Rush curses in exasperation and runs after Hickman orders Rush to put his hands behind his back. The officers chase and tackle Rush, and Hickman's body cam shows the aftermath.
Rush was charged with second-degree trespassing, impeding traffic, assault on a government official and resisting a public officer, according to arrest records. Williams dismissed the charges Sept. 18 after reviewing the video from Hickman's body cam.
New Asheville police rules on use of force require a supervising officer to take a statement from the subject on which force was used. Sgt. Lisa Taube did not believe Rush's account even as she saw him bleeding and unsteady from the beating shortly before.
"She kind of yelled a little bit, saying, 'You're lying. You're lying. My officer is not going to do that,' " Rush said Tuesday, accusing Hickman's supervisor of saying multiple times that Rush was not telling the truth.
After further talking with Rush and asking about his level of pain that night, Taube called an ambulance, which took Rush to Mission Hospital.
Hickman, who had been awarded a department medal of honor for actions taken in 2014, resigned Jan. 5 before Hooper planned to fire him, Asheville City Manager Gary Jackson said. Hickman was told to turn in his gun and badge Aug. 25 after other police officials viewed the body cam footage.
Also on Aug. 25, Ruggiero was assigned to a different officer for training.
In addition, Hickman's supervisor that night was disciplined for not immediately forwarding information or notes or reviewing body camera footage despite being told an officer had struck Rush, Jackson said without specifically identifying Taube.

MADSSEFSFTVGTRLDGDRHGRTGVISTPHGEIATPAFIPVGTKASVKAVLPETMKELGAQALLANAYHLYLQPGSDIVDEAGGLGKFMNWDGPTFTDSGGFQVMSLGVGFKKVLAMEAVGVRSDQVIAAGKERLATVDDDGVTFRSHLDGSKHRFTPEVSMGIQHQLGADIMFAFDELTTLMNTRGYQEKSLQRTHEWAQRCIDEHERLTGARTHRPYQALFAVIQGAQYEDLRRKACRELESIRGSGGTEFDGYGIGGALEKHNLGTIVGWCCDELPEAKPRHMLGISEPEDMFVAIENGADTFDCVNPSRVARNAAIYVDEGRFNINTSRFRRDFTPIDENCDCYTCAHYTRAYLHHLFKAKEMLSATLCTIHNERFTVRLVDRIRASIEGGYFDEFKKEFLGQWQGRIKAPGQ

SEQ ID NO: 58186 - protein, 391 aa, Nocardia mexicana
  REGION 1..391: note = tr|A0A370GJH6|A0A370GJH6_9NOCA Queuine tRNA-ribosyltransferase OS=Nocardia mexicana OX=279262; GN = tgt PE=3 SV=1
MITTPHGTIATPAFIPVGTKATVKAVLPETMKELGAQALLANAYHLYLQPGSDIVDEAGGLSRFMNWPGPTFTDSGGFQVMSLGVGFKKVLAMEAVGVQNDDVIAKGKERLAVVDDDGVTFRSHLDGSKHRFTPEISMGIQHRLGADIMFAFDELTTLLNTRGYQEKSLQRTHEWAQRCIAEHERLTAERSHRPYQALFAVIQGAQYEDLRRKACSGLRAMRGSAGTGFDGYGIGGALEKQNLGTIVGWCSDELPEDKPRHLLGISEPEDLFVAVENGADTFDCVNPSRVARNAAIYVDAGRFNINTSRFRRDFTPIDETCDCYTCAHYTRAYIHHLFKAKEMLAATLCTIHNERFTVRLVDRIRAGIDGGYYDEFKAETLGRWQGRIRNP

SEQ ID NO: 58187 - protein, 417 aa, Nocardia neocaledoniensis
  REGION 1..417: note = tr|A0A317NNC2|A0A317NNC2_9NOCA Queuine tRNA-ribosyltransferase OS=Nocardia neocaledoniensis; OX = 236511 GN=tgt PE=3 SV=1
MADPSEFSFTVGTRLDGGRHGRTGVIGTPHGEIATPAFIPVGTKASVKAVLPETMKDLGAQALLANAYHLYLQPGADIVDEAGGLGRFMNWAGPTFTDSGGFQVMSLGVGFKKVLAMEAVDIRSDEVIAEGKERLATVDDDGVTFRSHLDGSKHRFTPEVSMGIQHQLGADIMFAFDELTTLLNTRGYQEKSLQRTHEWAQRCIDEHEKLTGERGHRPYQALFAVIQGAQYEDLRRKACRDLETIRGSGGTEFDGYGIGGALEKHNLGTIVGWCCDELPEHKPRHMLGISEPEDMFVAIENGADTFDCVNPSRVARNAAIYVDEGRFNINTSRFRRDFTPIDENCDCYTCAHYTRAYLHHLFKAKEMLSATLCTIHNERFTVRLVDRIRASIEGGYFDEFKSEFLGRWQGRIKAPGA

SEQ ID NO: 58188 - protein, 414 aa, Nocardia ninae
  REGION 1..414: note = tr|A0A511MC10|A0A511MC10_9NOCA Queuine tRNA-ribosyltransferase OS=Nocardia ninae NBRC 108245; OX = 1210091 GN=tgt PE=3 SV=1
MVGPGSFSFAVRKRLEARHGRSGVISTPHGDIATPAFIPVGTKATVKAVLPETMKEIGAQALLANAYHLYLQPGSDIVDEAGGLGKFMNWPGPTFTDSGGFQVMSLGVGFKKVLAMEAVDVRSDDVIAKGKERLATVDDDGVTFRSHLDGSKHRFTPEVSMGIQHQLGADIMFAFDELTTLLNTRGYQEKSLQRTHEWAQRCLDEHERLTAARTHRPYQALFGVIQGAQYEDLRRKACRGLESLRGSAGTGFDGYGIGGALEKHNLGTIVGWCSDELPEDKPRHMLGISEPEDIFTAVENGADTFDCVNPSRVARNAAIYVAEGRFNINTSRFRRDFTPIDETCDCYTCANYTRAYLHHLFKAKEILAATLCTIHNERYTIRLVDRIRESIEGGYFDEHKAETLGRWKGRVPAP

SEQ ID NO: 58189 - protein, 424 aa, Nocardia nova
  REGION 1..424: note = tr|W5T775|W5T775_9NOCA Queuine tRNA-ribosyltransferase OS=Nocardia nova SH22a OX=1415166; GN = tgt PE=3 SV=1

In late February, city police released a report showing a 61% decrease in the department’s overall use of force, Asheville Mayor Esther Manheimer said earlier this month.
"However, until we recognize that one incident is too many, we have not met our goals," she said then. The mayor and City Council learned about the beating from the first Citizen Times story on the incident Feb. 28.
FBI involvement in local police activities usually has two justifications: suspicion of police extortion or an alleged civil-rights violations, according to David Shapiro, a former FBI special agent and assistant legal adviser who is now a professor at John Jay College of Criminal Justice in New York.
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The FBI gets involved because a civil-rights violation is a federal crime — and because sometimes federal officials are concerned about a conflict of interest on the part of local police, Shapiro said.
Williams previously has said he didn't want Asheville's police department heading the investigation into the Rush incident. Medium-sized departments like Asheville's legally can perform criminal investigations of their own officers, but some departments avoid doing so because of potential bias or the appearance of bias.
Follow Joel Burgess on Twitter: @AVLreporter
More on the Asheville incident
► March 7: FBI has opened official investigation into Asheville police beating
► March 7: Asheville police beating victim: Officer accused me of lying
► March 7: Asheville City Council wants probe into police bias after beating
► March 7: Police chief says she will quit if asked amid emotional citizens meeting
► March 7: County commissioners denounce officer's beating of accused jaywalker
► March 1: Asheville police beating of jaywalking suspect ignites furor
► March 1: Asheville mayor "outraged" over police beating of alleged jaywalker
► March 1: Asheville police respond to video of officer beating, choking man